The new post-crisis regulatory infrastructure is one of the least-loved aspects of American public policy. On the left, people feel it doesn't go nearly far enough in crushing casino finance. At the same time, the big banks positively hate it and have spent the lobbying bucks to prove it. On the right, politicians have made a killing bemoaning the alleged continued possibility of "bailouts" under the new system even while vacuuming up those lobbyist dollars and working to take the leashes off the banks.
And yet we see indication that the new regulations are having a real impact. I wrote last week about how the banking sector is shrinking in terms of aggregate employment. Lauren Tara LaCapra did a piece over the weekend saying that even as banks are laying people off, they're also facing an exodus of high-level talent. Banks can still offer huge salaries to the people they want, but so can other industries. The real issue is "how much scope there is to innovate and build businesses, which is why more bankers and traders are leaving the big Wall Street firms for Silicon Valley, joining private investment partnerships like hedge funds and private equity funds, or going into energy and other industries."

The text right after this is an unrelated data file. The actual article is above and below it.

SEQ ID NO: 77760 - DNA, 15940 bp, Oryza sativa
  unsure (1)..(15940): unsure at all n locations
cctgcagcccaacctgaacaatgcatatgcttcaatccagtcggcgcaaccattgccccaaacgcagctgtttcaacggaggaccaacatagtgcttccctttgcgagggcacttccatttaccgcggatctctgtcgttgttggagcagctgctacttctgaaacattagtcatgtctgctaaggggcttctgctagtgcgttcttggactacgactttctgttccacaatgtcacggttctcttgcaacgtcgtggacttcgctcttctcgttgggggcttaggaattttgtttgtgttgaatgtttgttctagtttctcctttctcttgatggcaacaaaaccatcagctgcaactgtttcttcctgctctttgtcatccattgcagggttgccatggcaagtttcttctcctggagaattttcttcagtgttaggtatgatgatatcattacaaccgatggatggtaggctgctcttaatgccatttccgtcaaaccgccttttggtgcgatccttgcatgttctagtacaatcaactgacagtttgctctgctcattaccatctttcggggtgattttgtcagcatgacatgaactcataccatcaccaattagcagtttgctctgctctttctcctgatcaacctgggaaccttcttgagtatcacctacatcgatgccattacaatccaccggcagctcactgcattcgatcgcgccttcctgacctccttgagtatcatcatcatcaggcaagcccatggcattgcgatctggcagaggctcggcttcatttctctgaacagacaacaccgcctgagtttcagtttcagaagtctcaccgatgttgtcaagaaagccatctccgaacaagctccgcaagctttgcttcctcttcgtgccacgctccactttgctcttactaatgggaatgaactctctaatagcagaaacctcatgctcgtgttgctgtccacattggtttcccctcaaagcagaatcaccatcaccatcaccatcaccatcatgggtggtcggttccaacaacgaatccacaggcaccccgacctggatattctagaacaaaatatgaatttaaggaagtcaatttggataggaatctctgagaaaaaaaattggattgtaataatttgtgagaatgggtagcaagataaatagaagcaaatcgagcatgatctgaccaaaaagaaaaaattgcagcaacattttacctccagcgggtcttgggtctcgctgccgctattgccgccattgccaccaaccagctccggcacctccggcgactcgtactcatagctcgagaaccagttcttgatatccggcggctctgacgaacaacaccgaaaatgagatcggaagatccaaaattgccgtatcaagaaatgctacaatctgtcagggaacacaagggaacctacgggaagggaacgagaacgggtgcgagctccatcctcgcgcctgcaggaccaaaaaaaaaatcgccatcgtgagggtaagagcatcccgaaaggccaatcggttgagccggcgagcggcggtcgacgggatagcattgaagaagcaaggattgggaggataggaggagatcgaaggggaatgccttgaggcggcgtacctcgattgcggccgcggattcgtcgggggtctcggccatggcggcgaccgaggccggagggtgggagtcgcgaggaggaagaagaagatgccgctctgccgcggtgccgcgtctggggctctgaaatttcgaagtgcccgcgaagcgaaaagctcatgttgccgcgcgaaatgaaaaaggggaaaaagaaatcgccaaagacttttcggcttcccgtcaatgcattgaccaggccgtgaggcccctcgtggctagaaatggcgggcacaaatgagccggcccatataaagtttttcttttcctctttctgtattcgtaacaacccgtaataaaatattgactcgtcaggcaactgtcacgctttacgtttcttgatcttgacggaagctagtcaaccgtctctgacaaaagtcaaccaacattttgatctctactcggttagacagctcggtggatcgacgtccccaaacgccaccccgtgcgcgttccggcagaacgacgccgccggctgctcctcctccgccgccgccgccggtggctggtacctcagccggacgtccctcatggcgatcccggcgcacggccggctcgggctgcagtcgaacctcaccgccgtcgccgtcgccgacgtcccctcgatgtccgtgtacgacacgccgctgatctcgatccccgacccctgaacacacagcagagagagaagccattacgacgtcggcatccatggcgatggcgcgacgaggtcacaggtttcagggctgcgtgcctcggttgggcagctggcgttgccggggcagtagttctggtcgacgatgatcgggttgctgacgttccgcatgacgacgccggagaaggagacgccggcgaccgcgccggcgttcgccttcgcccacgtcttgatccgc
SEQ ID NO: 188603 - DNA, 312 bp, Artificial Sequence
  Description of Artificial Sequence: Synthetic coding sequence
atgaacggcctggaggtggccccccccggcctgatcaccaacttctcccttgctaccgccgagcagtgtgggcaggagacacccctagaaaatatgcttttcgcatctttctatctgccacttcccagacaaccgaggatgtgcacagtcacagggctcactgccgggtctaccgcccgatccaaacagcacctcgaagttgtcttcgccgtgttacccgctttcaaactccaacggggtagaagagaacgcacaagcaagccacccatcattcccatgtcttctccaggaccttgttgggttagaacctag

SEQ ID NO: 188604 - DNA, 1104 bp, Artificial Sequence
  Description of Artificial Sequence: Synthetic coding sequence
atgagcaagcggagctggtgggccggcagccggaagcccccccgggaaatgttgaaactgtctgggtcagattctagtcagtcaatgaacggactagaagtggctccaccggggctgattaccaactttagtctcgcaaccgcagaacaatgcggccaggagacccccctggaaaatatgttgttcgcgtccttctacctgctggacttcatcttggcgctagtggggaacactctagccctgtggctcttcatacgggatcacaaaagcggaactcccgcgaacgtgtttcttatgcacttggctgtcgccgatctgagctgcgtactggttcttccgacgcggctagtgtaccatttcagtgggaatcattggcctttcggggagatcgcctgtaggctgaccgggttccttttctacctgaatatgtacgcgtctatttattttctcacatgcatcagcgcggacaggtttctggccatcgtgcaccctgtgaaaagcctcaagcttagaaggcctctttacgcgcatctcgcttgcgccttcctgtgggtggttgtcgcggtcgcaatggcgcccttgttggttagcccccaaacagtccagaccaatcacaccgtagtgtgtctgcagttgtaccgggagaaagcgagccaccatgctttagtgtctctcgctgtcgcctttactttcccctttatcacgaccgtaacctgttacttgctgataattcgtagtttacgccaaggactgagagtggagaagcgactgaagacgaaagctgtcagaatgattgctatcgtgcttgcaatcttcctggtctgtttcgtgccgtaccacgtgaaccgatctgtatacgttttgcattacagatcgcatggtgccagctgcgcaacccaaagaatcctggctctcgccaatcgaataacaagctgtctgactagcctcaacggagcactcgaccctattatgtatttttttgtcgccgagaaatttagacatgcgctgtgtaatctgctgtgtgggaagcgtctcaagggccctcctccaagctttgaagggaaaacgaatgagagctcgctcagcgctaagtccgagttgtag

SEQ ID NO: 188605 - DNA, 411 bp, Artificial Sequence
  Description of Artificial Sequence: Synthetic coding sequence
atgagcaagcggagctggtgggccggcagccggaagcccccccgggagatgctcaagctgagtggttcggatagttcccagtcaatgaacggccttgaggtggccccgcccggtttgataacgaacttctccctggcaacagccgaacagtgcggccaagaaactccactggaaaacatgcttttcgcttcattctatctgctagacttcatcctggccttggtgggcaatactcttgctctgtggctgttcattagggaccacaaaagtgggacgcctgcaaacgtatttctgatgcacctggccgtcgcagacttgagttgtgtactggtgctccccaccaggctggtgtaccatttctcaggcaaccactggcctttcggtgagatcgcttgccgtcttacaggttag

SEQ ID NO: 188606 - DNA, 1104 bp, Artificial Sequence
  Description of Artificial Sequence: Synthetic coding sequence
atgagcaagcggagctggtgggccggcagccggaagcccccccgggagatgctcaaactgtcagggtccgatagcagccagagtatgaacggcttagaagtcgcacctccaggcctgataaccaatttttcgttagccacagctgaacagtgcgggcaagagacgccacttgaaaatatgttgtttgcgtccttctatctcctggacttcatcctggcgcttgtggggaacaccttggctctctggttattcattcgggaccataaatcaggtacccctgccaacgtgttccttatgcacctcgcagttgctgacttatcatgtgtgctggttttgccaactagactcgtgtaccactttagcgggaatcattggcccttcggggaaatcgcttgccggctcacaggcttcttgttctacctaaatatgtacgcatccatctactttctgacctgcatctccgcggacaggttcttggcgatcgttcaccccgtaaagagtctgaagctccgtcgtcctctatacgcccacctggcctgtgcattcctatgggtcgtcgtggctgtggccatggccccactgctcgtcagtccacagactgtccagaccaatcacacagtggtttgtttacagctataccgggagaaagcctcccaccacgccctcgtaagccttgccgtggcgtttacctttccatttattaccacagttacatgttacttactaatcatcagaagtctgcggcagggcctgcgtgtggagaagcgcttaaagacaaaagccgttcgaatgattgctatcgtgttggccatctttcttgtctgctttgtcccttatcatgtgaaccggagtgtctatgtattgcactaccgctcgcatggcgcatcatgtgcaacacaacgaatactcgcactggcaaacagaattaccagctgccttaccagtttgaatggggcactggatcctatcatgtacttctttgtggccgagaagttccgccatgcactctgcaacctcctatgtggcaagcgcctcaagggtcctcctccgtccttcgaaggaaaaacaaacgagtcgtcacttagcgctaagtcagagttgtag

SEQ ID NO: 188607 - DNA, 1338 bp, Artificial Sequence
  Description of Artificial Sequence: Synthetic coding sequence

The idea of financial innovation has gone in for some beatings that I think were at times over the top in the post-crisis years. But the key issue is that the banking sector is always governed by a lot of rules, even in periods when regulatory enforcement is, in practice, quite lax. Consequently, there's a large incentive to design innovative new ways to exploit loopholes in the regulatory framework. This is real innovation with some real economic value associated with it, but it's bad for society—just like an innovation that makes it easier to dump toxic waste into a river without the Environmental Protection Agency catching you would be bad. Even a switch into hedge funds and private equity is probably a net win for America, since those kinds of operations have fewer government guarantees and thus fewer profit-making opportunities in a pure regulatory arbitrage. And in Silicon Valley or the energy sector, innovation has a radically less ambiguous impact. New breakthroughs in solar power or software are all to the good. The movement of so much talent into the financial sphere over the course of the aughts was a somewhat troubling social trend, and it's encouraging to see signs of its reversal.